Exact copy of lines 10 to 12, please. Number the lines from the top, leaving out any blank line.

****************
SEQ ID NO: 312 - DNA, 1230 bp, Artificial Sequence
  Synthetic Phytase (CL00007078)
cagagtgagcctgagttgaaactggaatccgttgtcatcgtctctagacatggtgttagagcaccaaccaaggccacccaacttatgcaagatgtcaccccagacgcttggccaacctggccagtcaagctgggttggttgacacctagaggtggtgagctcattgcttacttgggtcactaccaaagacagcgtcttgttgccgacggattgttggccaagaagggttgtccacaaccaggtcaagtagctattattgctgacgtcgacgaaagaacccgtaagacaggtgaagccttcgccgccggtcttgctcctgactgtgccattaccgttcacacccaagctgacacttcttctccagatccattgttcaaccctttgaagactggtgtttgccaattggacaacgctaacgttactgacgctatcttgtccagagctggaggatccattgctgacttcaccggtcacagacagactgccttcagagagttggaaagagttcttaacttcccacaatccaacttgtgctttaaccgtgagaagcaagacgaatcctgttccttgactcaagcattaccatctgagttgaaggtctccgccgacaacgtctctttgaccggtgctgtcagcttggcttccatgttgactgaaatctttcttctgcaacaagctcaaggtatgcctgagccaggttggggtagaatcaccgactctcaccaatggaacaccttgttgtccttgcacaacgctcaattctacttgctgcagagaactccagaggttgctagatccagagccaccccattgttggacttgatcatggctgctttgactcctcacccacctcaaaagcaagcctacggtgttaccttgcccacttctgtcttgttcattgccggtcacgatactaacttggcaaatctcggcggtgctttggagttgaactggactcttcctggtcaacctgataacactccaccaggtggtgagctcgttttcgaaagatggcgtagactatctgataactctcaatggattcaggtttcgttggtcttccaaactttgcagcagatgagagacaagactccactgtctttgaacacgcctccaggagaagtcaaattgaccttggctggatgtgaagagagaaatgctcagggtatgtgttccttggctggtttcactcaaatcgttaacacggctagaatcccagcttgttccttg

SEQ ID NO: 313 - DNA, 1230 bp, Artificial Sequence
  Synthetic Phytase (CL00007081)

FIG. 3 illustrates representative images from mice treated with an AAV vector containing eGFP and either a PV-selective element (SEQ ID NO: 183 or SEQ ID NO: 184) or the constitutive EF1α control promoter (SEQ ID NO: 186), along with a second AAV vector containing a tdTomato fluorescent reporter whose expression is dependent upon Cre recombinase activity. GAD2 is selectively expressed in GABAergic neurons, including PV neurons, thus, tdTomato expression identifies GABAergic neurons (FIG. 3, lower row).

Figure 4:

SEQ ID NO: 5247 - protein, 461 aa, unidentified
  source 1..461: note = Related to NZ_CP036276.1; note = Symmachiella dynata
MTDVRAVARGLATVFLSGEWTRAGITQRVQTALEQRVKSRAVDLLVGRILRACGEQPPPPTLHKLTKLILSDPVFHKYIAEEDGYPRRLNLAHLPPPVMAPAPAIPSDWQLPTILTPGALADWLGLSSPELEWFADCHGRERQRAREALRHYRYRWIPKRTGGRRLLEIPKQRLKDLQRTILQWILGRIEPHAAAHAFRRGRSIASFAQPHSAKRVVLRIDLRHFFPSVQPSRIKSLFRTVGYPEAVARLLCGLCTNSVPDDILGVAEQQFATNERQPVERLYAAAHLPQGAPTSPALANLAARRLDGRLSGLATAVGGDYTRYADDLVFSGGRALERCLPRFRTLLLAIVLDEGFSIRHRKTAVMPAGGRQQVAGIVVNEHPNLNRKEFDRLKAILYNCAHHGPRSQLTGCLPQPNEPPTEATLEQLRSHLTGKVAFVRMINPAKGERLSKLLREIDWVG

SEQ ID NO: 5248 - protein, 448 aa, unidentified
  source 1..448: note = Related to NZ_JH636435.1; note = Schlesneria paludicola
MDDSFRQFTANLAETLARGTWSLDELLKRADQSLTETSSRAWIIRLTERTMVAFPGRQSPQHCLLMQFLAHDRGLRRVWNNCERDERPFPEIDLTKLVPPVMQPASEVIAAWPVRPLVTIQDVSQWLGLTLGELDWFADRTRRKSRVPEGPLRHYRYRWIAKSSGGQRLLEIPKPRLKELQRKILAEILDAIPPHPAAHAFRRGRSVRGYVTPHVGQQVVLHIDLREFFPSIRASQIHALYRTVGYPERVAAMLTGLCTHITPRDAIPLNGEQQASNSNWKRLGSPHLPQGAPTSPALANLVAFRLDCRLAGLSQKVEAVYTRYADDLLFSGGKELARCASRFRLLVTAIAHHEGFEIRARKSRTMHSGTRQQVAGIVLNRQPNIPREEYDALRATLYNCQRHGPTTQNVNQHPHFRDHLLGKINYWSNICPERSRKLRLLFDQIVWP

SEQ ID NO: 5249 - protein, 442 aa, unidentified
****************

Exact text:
MTDVRAVARGLATVFLSGEWTRAGITQRVQTALEQRVKSRAVDLLVGRILRACGEQPPPPTLHKLTKLILSDPVFHKYIAEEDGYPRRLNLAHLPPPVMAPAPAIPSDWQLPTILTPGALADWLGLSSPELEWFADCHGRERQRAREALRHYRYRWIPKRTGGRRLLEIPKQRLKDLQRTILQWILGRIEPHAAAHAFRRGRSIASFAQPHSAKRVVLRIDLRHFFPSVQPSRIKSLFRTVGYPEAVARLLCGLCTNSVPDDILGVAEQQFATNERQPVERLYAAAHLPQGAPTSPALANLAARRLDGRLSGLATAVGGDYTRYADDLVFSGGRALERCLPRFRTLLLAIVLDEGFSIRHRKTAVMPAGGRQQVAGIVVNEHPNLNRKEFDRLKAILYNCAHHGPRSQLTGCLPQPNEPPTEATLEQLRSHLTGKVAFVRMINPAKGERLSKLLREIDWVG

SEQ ID NO: 5248 - protein, 448 aa, unidentified
  source 1..448: note = Related to NZ_JH636435.1; note = Schlesneria paludicola